The release of the October Five-Star ratings observed a few more revisions to the system effecting nursing facilities (NF).  Although not as significant as what was experienced in April 2019, there were a few tweaks and modifications to the quality measure categories and the health inspection rating calculations.

Similar to the July ratings, 69% of facilities had no change in star ratings.

The following chart shows the nationwide change in star ratings between quarters.  Ohio’s changes continue to closely mirror the nationwide outcomes:

The distribution of stars in the overall star ratings in October is very similar to the last two quarters.

The table below provides what the average facility’s star ratings were in October.  The average Ohio facility was rated marginally lower than the national average.  On average, Ohio facilities were slightly behind the national average in health inspection and staffing but did marginally better with quality measures.

Health Inspection Five-Star Rating:

In October, 84% had no change in health inspections mirroring the July results.  This was in contrast to the changes in April where nearly half of all facilities experienced rating changes.

“Red Hand” Alert:


Beginning in October 2019, Nursing Home Compare began including information to alert consumers about abuse and neglect within an NF.  Facilities will see a “red hand” icon appearing next to their name on Nursing Home Compare if they meet either of the following criteria, as listed on the October 2019 Five-Star Users’ Guide:

        • Harm-level abuse citation in the most recent survey cycle
        • Repeat abuse citations

NF’s cited for abuse are required to take steps to protect their residents.  NF’s with instances of non-compliance related to abuse will have their health inspection rating capped at a maximum of 2 stars.

This warning has been controversial, as both providers and trade associations have voiced their concerns.  Although intended to provide the consumer with better facility transparency, the presentation and intention of this alert do not necessarily match.  Considering the on-going struggles with the survey system, the potential for an abuse/neglect alert to be triggered could vary, inconsistently.  The intention of the “Red Hand” alert was to encourage consumers to proceed with caution and exercise due diligence while evaluating a facility.  However, the symbol is likely to be quickly viewed as a “Do not proceed” sign; therefore, consumers may quickly draw inappropriate conclusions on a facility without investigating further.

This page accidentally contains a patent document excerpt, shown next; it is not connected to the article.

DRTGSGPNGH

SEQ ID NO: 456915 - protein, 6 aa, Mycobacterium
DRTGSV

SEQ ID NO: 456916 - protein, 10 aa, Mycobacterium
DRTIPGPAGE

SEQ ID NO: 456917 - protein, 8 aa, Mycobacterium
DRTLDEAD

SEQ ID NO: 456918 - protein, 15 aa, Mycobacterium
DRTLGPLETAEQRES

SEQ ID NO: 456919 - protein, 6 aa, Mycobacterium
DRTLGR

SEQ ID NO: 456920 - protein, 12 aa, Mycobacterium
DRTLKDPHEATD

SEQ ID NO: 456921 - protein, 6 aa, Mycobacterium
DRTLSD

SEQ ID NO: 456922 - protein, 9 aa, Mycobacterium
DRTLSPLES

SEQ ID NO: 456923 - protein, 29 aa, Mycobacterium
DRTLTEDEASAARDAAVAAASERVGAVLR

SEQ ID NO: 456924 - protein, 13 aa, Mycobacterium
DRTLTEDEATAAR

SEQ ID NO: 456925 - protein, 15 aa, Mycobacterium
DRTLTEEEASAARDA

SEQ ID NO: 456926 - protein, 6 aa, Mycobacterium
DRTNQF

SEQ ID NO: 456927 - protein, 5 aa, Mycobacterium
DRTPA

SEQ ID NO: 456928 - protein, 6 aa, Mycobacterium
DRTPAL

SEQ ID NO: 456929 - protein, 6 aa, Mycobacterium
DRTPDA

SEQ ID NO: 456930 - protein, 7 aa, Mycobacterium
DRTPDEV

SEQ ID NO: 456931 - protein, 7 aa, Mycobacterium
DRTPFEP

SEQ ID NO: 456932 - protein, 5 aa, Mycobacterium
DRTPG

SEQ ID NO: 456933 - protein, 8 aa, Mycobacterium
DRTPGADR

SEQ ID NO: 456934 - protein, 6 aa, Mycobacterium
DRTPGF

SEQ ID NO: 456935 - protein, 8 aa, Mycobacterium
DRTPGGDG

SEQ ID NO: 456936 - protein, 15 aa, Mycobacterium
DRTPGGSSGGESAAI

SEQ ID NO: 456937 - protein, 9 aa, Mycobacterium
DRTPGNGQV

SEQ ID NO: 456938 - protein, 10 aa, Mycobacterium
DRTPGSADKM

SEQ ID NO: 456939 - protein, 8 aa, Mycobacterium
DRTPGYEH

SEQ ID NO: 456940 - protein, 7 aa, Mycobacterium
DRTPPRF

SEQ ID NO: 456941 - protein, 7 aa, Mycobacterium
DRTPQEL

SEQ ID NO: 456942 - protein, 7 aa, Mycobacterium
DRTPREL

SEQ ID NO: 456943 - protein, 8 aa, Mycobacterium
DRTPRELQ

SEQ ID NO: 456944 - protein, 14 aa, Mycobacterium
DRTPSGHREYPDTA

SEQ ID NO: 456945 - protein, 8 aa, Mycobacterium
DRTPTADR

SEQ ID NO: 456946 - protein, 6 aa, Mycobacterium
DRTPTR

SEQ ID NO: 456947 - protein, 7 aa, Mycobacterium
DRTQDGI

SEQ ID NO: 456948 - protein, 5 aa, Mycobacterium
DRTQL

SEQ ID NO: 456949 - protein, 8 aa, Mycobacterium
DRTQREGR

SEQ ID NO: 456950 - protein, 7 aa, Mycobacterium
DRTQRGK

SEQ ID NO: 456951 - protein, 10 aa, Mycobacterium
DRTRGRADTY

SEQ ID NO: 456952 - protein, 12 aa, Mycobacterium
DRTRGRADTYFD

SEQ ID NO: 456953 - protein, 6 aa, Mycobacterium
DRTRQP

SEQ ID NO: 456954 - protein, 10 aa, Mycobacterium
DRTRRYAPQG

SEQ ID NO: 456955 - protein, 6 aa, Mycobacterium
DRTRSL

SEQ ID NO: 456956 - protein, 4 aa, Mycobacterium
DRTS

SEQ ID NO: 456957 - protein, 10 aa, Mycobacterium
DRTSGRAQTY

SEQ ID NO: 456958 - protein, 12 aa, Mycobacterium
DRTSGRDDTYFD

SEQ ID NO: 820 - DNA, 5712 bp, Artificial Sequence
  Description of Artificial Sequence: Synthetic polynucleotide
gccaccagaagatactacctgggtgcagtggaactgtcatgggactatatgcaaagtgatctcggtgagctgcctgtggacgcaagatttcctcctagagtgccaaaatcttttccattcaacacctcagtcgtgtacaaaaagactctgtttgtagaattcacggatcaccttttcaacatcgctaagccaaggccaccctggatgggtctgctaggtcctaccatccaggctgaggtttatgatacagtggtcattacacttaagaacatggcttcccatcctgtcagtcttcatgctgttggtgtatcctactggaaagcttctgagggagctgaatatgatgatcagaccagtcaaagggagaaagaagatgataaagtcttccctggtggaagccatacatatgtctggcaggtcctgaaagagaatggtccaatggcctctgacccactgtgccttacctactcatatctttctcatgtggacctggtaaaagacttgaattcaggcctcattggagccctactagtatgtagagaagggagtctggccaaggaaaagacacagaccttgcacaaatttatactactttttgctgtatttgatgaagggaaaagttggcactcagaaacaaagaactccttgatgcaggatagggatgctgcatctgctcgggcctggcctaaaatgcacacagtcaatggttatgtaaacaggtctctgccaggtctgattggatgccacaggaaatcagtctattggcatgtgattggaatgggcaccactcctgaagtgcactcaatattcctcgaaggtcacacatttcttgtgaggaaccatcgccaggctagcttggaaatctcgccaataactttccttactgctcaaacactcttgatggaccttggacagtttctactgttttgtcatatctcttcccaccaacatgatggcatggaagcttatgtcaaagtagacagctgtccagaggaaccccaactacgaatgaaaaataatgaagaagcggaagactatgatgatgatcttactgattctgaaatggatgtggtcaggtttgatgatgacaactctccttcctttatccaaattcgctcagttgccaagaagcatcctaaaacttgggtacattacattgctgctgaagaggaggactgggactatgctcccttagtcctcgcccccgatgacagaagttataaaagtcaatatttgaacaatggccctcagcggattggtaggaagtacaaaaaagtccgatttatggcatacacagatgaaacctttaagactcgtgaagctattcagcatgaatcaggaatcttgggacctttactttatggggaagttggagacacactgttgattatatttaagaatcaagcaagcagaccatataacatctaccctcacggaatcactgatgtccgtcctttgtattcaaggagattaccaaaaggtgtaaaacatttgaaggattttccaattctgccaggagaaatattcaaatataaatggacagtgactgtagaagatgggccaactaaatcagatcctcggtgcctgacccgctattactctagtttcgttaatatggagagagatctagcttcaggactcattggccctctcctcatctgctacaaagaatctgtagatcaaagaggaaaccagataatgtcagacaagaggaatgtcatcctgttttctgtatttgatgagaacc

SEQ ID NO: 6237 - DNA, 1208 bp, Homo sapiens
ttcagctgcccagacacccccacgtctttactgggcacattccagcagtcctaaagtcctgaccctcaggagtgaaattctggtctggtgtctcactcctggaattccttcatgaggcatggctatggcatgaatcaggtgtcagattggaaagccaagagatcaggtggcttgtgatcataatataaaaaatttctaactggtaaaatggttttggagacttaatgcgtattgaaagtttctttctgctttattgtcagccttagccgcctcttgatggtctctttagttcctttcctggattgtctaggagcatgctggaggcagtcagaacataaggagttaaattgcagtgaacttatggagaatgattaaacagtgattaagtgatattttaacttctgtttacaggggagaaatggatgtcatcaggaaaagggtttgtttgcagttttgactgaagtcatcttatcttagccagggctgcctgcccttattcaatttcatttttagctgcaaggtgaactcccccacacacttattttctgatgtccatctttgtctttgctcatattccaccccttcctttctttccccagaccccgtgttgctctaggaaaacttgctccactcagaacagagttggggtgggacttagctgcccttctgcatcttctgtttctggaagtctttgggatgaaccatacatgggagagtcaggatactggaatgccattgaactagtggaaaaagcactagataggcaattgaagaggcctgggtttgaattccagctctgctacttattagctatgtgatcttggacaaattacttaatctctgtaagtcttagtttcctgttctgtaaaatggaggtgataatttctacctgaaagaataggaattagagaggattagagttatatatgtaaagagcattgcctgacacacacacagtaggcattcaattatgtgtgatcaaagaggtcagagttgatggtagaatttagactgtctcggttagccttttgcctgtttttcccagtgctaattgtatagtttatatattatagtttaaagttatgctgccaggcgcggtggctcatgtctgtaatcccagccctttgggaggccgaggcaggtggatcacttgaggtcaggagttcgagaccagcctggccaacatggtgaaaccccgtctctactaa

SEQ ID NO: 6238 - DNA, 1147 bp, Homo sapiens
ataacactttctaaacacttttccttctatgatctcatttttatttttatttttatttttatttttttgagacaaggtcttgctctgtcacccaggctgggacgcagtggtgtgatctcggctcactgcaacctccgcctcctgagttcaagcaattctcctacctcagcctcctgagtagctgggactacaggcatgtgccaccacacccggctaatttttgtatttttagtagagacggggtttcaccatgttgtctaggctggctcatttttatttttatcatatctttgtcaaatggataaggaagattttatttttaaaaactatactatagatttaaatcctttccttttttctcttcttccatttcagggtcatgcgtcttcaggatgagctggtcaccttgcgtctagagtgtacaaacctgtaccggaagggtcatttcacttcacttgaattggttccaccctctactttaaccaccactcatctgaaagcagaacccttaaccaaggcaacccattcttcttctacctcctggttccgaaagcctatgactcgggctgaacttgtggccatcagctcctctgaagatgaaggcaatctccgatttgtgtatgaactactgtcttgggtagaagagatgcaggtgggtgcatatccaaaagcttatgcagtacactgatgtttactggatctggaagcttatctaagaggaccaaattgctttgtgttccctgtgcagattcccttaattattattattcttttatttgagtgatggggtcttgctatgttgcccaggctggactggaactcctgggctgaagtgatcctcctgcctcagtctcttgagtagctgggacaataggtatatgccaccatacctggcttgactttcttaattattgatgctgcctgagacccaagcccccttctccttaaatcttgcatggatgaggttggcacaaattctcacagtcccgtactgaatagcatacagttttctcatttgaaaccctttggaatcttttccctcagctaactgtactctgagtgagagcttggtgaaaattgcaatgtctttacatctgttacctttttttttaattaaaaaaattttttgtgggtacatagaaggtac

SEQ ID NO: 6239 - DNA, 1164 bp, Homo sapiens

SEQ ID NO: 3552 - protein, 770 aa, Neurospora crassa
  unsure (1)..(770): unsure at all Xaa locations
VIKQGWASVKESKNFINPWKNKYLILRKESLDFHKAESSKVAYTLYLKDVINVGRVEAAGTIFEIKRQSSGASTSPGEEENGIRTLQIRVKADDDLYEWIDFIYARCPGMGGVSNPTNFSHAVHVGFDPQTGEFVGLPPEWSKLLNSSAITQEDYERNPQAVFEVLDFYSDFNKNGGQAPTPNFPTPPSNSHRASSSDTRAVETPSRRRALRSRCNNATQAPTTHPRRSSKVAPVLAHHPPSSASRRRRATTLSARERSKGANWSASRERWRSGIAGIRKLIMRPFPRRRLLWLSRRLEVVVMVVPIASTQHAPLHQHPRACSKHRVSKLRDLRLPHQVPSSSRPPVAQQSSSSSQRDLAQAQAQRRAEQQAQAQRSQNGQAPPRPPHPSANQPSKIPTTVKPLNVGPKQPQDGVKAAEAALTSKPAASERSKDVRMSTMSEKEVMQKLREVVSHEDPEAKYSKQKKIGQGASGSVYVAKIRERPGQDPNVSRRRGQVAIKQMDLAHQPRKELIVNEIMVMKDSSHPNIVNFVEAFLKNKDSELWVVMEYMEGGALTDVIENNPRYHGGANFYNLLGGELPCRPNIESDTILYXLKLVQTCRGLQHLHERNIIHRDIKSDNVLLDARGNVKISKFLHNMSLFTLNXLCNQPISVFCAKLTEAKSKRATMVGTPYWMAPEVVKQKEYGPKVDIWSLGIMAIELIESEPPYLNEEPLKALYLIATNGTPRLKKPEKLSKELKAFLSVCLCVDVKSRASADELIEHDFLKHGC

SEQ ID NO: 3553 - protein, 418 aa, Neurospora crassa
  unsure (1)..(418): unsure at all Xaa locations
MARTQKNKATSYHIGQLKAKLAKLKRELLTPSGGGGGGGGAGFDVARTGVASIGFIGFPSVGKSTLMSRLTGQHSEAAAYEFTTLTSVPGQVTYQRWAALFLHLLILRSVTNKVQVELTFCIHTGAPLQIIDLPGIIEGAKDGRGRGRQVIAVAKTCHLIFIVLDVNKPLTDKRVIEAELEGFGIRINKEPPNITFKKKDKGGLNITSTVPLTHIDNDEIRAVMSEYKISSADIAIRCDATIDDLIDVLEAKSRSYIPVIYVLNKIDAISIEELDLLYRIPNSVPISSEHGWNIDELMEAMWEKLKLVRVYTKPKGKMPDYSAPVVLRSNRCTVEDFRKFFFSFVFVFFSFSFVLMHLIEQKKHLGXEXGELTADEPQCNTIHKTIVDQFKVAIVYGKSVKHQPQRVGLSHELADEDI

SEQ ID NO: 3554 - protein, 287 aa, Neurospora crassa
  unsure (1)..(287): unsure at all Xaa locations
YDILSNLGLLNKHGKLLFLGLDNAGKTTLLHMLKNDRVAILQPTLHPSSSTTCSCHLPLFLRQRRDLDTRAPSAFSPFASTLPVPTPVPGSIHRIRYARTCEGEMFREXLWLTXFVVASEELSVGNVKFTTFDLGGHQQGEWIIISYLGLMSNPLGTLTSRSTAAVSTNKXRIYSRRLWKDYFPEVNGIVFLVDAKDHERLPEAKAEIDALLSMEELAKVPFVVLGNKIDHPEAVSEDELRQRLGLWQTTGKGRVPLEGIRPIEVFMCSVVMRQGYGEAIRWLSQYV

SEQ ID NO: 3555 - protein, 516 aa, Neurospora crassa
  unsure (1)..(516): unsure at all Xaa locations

Staffing Five-Star Rating:

The revision to the staffing rating in April 2019 included a provision that if a facility reported 4 days in a quarter without an RN (previously 7 days), then the facility is downgraded to one-star for the staffing domain.  In October, 1,194 facilities nationwide (8%) and 83 Ohio facilities (9%) were reduced to one-star, almost identical to July’s results.

Similar to July, only 14% lost staffing stars compared to the initial shock to the system in April where 33% decreased in their rating.

Quality Measure Five-Star Rating:

In October, 25% of facilities saw an increase in quality stars which is a noticeable improvement from both July and October.

Due to the ongoing opioid crisis in the country, CMS wanted to avoid any scenario where a NF could decide to inappropriately prescribe opioids as a measure to manage pain.  Therefore, CMS has removed the following two quality measures:

  • Percentage of short-stay residents who report moderate to severe pain
  • Percentage of long-stay residents who report moderate to severe pain

Another impending variable to the quality measure (QM) rating will be the increase in thresholds coming in April 2020.  In an effort to promote continuous improvement across the industry, CMS will begin to increase the QM thresholds at a rate of 50% of the average rate of improvement in scores every six months.

As a reminder, quality measure five-star ratings are recalculated on a quarterly basis.  Sometimes a small change can cause you to gain or lose a quality measure star if you are close to a cut-off point.  If you identify these opportunities or risks, you can focus your quality improvement efforts in these areas.

Contact your HW Healthcare Advisor if you would like to know more.

Bill Cope
HW Healthcare Advisors